I'm trying to find the largest sphere that lies inside the tetrahedron whose vertices are the origin and the points A(1, 0, 0), B(0, 1, 0) and C(0, 0,−2).
Any ideas? Thanks!
If it had been a regular tetrahedron with equilateral triangles, the distance between each side would represent the diameter of the
sphere. In this case, the tetreahdron is not even isoceles and I
have no idea where to start, since I am having a hard time even
visualizng the sphere in the shape.
I first drew the tetrahedron and tried to see if I could visulalize
where the centre of the sphere could be and tried to see if I could
see some formula to find its radius. Also, I calculated the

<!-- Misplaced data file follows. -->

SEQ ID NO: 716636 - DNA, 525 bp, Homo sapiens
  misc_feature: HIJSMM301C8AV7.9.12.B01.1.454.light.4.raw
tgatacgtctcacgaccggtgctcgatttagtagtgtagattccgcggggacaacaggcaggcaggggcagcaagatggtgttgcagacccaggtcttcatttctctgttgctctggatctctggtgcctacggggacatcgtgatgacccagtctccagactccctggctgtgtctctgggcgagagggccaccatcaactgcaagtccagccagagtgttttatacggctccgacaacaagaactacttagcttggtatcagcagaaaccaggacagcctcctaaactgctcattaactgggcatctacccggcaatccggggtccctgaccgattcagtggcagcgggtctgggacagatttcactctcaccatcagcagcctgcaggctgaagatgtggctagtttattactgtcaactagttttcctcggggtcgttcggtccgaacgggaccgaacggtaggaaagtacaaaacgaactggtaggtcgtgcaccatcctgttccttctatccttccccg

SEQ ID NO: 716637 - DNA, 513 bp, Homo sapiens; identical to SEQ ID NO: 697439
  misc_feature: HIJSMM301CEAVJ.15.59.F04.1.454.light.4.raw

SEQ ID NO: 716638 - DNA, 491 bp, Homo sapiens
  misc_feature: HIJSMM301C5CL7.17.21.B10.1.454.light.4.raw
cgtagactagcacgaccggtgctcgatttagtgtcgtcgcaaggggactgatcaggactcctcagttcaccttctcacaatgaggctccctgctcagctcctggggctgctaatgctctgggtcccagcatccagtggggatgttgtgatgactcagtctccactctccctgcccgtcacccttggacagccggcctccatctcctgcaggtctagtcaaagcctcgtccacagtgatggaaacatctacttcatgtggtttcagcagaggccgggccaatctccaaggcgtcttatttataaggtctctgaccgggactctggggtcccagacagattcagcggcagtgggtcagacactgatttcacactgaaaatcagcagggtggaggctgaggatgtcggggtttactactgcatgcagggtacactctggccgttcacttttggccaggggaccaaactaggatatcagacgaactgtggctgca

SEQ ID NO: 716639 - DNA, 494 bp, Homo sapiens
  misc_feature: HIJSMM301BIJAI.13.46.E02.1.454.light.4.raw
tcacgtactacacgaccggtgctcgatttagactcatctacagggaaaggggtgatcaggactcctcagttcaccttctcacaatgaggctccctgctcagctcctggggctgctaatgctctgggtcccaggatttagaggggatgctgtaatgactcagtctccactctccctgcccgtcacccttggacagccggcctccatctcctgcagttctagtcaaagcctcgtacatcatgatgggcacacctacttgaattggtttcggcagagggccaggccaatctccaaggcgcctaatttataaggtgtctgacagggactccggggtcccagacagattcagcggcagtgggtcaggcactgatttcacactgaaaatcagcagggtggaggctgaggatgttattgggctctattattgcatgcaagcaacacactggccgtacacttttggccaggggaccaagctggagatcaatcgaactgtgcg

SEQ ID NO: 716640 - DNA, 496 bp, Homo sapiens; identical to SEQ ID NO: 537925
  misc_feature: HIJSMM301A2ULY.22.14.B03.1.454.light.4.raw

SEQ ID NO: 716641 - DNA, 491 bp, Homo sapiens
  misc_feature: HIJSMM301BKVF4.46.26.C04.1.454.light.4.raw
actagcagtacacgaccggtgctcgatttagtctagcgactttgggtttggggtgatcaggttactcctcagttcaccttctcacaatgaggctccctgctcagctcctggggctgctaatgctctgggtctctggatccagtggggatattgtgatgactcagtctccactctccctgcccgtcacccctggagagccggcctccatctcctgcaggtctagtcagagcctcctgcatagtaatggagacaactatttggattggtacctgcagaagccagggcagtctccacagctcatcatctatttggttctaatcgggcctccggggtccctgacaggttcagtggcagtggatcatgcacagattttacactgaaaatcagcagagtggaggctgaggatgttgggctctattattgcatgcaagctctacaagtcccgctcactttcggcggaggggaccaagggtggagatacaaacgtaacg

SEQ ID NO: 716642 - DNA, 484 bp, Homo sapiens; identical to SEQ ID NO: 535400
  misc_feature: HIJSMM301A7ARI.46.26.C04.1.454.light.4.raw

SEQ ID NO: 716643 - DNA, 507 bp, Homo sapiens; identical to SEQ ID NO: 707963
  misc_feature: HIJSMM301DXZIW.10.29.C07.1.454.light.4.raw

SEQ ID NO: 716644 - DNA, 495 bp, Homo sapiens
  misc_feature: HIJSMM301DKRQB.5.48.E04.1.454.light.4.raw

distances between the points to discover it was not a regular
tetrahedron but instead had distances of 1, sqrt(2), sqrt(5) and 2.
I am thinking it may have to do with the sphere being
tangent to the sides after doing some research, but really have no
idea where to begin testing this. Thanks!
June 26th 2009, 03:09 AM
The sphere will be the one for which each of the planes of the tetrahedron are tangential (to it), i.e. the one for which the perpendicular distances from the sphere centre to each of the planes of the tetrahedron are equal.
Flipping the tetrahedron upside down, so as to avoid the irritating negative z co-ordinates, the equation of the ABC (new C) plane will be x+y+z/2=1, and the perpendicular distance from an arbitrary point (X,Y,Z) on the origin side onto this plane will be (1-X-Y-Z/2)/sqrt(1+1+1/4) = (2/3)(1-X-Y-Z/2). The distances from (X,Y,Z) onto the other three planes will be X, Y and Z. Equating the four leads to a radius of 1/4.